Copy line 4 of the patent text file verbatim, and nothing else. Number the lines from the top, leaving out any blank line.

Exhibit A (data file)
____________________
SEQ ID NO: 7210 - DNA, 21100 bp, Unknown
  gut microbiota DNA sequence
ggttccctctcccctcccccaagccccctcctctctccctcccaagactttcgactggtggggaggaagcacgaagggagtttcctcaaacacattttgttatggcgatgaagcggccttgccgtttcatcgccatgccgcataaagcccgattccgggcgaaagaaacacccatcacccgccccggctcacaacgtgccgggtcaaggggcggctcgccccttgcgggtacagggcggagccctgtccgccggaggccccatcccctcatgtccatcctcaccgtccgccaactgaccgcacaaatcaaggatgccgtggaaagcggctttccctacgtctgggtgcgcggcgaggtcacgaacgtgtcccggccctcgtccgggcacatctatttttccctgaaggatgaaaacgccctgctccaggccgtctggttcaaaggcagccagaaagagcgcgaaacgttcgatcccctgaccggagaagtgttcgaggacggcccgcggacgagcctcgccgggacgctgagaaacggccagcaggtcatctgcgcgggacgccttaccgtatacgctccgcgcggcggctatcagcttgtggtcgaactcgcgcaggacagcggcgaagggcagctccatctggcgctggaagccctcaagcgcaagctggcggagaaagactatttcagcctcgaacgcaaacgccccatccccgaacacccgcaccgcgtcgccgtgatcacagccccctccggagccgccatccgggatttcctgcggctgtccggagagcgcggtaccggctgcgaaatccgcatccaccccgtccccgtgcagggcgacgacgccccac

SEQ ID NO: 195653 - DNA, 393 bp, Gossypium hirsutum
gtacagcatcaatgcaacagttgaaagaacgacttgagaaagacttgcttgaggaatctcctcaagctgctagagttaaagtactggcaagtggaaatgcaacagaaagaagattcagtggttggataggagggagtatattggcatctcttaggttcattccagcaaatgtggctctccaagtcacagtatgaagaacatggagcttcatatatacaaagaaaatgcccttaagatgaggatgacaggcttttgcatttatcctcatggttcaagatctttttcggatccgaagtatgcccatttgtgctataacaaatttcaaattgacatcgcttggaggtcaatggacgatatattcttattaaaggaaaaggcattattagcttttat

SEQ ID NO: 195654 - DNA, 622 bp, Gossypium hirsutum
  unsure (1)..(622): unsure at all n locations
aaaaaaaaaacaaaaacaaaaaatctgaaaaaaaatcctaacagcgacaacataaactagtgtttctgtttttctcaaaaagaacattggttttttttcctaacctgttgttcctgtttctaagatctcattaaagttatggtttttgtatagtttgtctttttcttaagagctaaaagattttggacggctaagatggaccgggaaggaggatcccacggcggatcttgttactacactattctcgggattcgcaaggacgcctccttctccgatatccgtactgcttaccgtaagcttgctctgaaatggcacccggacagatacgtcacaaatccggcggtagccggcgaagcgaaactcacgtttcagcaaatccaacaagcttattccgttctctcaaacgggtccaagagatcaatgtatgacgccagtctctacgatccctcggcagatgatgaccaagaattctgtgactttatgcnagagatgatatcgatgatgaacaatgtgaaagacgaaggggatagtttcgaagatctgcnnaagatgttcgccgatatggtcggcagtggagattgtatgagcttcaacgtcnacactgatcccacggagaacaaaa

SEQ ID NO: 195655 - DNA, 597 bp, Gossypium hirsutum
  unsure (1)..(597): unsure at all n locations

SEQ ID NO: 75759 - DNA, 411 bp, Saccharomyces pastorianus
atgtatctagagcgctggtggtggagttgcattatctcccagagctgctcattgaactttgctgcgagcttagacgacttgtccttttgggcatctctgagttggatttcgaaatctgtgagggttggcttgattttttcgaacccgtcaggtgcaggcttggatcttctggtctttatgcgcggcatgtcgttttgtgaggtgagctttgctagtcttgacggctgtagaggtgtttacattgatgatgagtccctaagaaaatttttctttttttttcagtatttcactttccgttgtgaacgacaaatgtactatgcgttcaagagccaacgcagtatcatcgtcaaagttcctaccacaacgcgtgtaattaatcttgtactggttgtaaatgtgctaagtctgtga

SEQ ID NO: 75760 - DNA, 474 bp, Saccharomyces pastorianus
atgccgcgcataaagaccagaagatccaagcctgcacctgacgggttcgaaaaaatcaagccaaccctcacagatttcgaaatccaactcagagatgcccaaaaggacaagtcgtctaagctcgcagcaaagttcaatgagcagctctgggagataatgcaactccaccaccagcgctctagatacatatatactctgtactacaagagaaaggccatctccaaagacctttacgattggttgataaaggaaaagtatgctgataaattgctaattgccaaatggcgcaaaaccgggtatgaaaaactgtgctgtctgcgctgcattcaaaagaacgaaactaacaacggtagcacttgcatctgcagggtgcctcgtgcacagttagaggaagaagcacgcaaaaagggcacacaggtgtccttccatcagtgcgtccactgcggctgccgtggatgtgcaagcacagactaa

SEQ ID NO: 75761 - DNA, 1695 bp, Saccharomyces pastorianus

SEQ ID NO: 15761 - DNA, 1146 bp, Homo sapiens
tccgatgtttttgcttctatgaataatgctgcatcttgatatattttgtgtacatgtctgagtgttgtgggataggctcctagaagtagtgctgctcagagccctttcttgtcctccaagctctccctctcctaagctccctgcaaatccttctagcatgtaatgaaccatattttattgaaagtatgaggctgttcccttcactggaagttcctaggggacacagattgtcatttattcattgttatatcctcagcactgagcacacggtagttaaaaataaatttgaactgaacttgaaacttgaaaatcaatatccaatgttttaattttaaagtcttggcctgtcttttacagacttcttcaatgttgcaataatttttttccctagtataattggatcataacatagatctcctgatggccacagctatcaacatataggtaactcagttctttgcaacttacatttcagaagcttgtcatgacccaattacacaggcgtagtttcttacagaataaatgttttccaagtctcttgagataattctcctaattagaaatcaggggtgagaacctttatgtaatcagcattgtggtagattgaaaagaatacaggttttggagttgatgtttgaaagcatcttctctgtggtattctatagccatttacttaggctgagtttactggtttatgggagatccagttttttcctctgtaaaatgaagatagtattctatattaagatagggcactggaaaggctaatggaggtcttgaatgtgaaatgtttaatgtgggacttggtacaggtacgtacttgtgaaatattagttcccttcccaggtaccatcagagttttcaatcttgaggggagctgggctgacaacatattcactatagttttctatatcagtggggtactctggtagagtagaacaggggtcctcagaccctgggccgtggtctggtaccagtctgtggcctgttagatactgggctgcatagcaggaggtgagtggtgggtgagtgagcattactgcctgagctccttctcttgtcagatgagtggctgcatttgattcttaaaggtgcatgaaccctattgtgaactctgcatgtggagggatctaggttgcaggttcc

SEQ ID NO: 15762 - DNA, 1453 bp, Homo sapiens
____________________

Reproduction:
SEQ ID NO: 195653 - DNA, 393 bp, Gossypium hirsutum